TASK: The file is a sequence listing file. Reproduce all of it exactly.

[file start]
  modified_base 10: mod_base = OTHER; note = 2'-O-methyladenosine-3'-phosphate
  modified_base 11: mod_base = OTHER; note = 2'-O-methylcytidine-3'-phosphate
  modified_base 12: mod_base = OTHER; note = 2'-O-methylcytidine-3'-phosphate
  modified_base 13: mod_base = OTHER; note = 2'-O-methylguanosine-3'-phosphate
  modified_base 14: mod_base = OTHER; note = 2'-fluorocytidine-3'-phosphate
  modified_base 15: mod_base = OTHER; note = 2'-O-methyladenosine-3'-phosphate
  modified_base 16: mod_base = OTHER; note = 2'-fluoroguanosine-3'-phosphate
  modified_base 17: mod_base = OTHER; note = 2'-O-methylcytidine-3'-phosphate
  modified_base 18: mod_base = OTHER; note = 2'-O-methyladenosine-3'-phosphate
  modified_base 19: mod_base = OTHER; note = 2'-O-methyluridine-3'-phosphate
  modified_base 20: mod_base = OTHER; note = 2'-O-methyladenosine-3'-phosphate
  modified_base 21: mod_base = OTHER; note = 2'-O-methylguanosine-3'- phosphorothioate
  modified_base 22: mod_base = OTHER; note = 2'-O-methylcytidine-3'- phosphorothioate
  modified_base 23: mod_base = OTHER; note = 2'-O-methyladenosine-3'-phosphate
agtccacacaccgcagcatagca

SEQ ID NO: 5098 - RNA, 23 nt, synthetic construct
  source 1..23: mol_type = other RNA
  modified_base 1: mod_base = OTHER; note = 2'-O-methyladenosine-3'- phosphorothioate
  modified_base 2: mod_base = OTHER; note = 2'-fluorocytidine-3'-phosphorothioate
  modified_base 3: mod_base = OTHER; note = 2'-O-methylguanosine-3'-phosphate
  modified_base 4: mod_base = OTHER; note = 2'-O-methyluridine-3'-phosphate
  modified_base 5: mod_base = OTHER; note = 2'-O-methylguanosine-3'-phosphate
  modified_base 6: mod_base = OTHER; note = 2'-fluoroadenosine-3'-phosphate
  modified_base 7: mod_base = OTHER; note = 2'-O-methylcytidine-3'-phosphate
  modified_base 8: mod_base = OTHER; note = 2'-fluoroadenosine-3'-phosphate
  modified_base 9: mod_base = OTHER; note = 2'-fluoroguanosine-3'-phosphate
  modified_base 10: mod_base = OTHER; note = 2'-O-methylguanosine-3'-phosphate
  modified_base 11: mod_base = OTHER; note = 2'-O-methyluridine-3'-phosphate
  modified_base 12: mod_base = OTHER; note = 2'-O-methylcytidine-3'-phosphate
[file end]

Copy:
  modified_base 10: mod_base = OTHER; note = 2'-O-methyladenosine-3'-phosphate
  modified_base 11: mod_base = OTHER; note = 2'-O-methylcytidine-3'-phosphate
  modified_base 12: mod_base = OTHER; note = 2'-O-methylcytidine-3'-phosphate
  modified_base 13: mod_base = OTHER; note = 2'-O-methylguanosine-3'-phosphate
  modified_base 14: mod_base = OTHER; note = 2'-fluorocytidine-3'-phosphate
  modified_base 15: mod_base = OTHER; note = 2'-O-methyladenosine-3'-phosphate
  modified_base 16: mod_base = OTHER; note = 2'-fluoroguanosine-3'-phosphate
  modified_base 17: mod_base = OTHER; note = 2'-O-methylcytidine-3'-phosphate
  modified_base 18: mod_base = OTHER; note = 2'-O-methyladenosine-3'-phosphate
  modified_base 19: mod_base = OTHER; note = 2'-O-methyluridine-3'-phosphate
  modified_base 20: mod_base = OTHER; note = 2'-O-methyladenosine-3'-phosphate
  modified_base 21: mod_base = OTHER; note = 2'-O-methylguanosine-3'- phosphorothioate
  modified_base 22: mod_base = OTHER; note = 2'-O-methylcytidine-3'- phosphorothioate
  modified_base 23: mod_base = OTHER; note = 2'-O-methyladenosine-3'-phosphate
agtccacacaccgcagcatagca

SEQ ID NO: 5098 - RNA, 23 nt, synthetic construct
  source 1..23: mol_type = other RNA
  modified_base 1: mod_base = OTHER; note = 2'-O-methyladenosine-3'- phosphorothioate
  modified_base 2: mod_base = OTHER; note = 2'-fluorocytidine-3'-phosphorothioate
  modified_base 3: mod_base = OTHER; note = 2'-O-methylguanosine-3'-phosphate
  modified_base 4: mod_base = OTHER; note = 2'-O-methyluridine-3'-phosphate
  modified_base 5: mod_base = OTHER; note = 2'-O-methylguanosine-3'-phosphate
  modified_base 6: mod_base = OTHER; note = 2'-fluoroadenosine-3'-phosphate
  modified_base 7: mod_base = OTHER; note = 2'-O-methylcytidine-3'-phosphate
  modified_base 8: mod_base = OTHER; note = 2'-fluoroadenosine-3'-phosphate
  modified_base 9: mod_base = OTHER; note = 2'-fluoroguanosine-3'-phosphate
  modified_base 10: mod_base = OTHER; note = 2'-O-methylguanosine-3'-phosphate
  modified_base 11: mod_base = OTHER; note = 2'-O-methyluridine-3'-phosphate
  modified_base 12: mod_base = OTHER; note = 2'-O-methylcytidine-3'-phosphate